That raised Nkr1.1bn less for the government than Tuesday's sale, which comprised 80m fewer shares. This week's stake represents 9.4% of Telenor and its sale reduces the government's holding to 53%.
The state has mandated DnB Nor to sell up to 30m more Telenor shares to retail investors at the same price as that paid by institutional investors.
The sale increases speculation about the Norwegian government's other holdings.
The government has been reported by the Norwegian media to be considering reducing its stake in Statoil, the national oil company. The government has an 81% stake in the company, which is valued at about $21bn.
Snam block struggles
Mediobanca's sale of 177m shares in Snam also suffered in the market, though according to equity bankers it did better than the Telenor block trade.
Mediobanca bought the Snam stake from Eni after a competitive auction and offered the shares in a range of Eu3.68-Eu3.72. The bank priced the offer at Eu3.70, a tight discount of 0.8% to Monday's closing price of Eu3.73, valuing the stake at Eu655m.
"The deal was quite aggressively priced," said an equity banker in London not working on the deal. "We thought there was huge support for the deal at about Eu3.60 to Eu3.64. However, there is a lot of underweight equity capacity in the Italian market at the moment. It is still unclear how the stock was distributed."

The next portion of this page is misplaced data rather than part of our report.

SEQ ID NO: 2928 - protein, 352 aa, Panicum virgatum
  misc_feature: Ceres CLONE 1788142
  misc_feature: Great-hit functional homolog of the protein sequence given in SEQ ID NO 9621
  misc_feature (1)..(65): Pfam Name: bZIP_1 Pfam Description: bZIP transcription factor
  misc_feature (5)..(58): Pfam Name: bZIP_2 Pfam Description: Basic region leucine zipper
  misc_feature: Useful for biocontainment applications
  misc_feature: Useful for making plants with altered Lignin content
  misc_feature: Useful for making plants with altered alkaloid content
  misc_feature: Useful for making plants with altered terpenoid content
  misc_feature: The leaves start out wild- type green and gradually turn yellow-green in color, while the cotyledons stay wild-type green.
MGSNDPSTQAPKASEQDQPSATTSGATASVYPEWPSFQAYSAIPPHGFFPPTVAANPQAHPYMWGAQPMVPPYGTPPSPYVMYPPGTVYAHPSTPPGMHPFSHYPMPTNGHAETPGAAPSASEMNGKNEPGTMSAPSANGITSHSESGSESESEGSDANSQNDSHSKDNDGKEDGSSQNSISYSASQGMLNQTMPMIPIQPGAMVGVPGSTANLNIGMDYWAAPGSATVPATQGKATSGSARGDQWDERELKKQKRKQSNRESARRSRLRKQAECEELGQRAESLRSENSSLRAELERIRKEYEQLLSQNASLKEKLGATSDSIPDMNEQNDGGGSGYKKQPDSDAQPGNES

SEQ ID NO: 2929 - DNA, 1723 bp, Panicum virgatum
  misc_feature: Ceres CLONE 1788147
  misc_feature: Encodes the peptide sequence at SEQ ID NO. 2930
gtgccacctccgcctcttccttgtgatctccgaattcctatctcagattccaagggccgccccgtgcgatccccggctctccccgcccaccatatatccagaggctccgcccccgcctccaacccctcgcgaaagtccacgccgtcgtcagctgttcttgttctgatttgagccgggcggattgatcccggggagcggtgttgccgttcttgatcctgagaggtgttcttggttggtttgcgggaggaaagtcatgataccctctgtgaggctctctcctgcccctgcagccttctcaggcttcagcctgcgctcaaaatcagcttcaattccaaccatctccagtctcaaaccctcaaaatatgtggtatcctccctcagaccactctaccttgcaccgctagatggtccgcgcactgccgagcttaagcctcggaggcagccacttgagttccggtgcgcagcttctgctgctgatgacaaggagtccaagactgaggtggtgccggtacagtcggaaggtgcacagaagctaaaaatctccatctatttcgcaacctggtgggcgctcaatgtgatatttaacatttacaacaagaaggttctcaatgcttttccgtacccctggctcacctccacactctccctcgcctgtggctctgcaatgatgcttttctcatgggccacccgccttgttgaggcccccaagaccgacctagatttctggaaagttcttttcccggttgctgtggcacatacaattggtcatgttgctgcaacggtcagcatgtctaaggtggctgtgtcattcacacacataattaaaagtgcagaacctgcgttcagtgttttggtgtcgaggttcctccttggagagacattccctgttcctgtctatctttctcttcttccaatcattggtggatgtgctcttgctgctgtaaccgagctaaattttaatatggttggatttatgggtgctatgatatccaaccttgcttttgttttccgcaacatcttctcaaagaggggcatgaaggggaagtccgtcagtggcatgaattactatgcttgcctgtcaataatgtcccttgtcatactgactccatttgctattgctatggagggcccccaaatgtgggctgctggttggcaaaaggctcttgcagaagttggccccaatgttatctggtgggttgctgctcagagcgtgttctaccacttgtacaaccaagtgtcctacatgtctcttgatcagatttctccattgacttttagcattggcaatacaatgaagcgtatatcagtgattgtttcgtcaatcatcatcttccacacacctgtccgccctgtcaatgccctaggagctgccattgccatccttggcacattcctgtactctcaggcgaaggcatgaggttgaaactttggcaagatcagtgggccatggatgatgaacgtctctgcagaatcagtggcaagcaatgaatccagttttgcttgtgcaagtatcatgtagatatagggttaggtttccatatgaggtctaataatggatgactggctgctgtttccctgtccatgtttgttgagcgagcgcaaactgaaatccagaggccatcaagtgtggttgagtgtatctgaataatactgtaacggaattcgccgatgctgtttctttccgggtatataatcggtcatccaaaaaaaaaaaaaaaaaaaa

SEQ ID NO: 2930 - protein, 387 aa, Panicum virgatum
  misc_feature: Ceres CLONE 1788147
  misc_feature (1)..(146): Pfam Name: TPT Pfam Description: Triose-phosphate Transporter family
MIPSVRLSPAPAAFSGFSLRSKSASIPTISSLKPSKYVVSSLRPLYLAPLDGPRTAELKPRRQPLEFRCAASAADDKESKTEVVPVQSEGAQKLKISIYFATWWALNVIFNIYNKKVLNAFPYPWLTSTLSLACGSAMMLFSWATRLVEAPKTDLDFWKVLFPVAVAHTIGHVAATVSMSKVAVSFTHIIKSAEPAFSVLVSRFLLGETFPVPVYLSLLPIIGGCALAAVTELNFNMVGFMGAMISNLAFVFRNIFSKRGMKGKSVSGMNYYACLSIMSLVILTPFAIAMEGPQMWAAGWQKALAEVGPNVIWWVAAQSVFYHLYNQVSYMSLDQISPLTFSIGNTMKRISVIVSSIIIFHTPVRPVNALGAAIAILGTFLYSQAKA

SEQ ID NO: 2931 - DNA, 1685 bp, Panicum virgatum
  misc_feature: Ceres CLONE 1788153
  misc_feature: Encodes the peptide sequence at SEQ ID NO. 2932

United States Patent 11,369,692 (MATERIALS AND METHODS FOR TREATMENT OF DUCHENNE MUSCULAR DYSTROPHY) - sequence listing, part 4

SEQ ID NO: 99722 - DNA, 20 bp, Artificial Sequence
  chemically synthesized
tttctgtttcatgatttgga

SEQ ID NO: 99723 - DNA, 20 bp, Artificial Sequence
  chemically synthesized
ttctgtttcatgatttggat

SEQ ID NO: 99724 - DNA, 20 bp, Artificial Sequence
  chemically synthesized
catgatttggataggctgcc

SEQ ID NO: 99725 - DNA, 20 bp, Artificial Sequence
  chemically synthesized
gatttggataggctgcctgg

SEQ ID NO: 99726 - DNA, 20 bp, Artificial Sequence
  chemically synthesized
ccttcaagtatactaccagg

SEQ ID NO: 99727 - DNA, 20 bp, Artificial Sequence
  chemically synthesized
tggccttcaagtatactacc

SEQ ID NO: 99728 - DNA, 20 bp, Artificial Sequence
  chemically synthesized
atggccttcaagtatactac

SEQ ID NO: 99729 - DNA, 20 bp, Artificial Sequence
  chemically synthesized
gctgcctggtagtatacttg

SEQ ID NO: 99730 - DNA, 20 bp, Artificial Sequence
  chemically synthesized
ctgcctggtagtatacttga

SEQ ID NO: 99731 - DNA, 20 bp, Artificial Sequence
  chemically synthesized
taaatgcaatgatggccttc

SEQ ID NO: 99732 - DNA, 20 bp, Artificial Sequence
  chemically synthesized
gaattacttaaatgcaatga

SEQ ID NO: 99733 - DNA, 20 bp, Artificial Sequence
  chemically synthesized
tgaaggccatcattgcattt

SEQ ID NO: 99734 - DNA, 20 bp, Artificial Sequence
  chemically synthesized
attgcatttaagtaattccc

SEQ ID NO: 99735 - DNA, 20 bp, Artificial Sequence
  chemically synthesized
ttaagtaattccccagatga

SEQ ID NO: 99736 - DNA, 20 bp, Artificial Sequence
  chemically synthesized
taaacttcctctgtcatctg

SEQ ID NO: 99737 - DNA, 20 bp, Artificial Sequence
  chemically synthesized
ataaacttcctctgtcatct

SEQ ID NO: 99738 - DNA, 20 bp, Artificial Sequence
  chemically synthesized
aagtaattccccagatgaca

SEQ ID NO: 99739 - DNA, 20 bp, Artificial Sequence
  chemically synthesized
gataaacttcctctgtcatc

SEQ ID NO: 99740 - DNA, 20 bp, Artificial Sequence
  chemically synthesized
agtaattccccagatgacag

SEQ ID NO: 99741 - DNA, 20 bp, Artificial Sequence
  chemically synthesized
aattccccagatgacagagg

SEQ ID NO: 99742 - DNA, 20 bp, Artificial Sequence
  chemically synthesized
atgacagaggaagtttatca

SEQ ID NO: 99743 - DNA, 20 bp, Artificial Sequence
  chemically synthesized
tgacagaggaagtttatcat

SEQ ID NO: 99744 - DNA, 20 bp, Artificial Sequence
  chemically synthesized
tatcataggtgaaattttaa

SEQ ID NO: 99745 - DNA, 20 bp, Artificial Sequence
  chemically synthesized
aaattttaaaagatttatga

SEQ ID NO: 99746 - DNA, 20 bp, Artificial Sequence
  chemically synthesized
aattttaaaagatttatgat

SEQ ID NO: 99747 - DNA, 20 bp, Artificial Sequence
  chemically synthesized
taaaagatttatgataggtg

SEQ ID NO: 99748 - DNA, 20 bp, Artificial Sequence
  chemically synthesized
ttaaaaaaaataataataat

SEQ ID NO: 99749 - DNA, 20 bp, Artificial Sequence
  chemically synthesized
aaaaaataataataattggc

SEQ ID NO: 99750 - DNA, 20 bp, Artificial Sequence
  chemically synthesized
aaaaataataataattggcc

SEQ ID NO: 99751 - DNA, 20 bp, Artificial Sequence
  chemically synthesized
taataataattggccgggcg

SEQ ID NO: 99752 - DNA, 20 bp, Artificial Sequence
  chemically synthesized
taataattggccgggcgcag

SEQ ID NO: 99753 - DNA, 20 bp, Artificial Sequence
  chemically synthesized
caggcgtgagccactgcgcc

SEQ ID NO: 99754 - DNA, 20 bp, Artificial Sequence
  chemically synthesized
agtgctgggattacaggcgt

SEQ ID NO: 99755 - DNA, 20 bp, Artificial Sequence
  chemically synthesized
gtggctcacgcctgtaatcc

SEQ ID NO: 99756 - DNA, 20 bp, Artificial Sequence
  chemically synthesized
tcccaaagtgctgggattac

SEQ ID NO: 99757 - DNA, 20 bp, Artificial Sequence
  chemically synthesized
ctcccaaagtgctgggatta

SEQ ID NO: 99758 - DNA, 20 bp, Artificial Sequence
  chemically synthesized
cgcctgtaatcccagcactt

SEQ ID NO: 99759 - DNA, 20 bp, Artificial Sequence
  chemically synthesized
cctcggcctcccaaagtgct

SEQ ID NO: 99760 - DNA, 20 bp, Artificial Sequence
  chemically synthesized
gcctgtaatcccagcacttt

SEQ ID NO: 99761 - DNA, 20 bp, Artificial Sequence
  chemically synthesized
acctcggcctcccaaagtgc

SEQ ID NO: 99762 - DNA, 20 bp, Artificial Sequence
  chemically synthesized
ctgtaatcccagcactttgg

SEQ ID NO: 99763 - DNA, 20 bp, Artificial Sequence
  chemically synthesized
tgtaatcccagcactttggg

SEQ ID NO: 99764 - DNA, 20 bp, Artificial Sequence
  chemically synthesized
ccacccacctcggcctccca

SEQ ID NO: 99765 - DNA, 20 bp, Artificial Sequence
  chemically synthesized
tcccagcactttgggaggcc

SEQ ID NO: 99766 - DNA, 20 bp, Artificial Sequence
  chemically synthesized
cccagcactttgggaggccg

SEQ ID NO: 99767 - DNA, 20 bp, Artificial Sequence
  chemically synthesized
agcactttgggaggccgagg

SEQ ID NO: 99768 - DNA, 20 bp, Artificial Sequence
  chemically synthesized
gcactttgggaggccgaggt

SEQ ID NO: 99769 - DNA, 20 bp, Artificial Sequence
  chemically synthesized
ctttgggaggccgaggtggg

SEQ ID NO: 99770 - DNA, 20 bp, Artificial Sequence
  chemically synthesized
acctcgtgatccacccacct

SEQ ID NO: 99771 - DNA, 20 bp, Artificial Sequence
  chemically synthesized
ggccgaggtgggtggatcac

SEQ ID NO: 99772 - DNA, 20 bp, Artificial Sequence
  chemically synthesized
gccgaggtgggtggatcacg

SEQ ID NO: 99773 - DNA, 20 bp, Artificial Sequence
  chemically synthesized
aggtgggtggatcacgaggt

Snam's stock fell 1.3% on Tuesday to Eu3.68, 0.5% below the deal's offer price. But considering the stake was equal to 9% of the company's share capital, this was not a large fall.
The stock remained unchanged on Wednesday and rose slightly yesterday (Thursday) to Eu3.69.
Eni retains a 51% stake in Snam after the sale. However, the company has until 2007 to reduce this holding to 20% of the company's share capital to comply with Italian regulations governing energy companies' cross-shareholdings in the distribution networks.
Eni is also reducing its holding in Terna, the Italian power grid operator, to comply with the law, and is planning to sell a 50% stake through an IPO in May on the Milan bourse.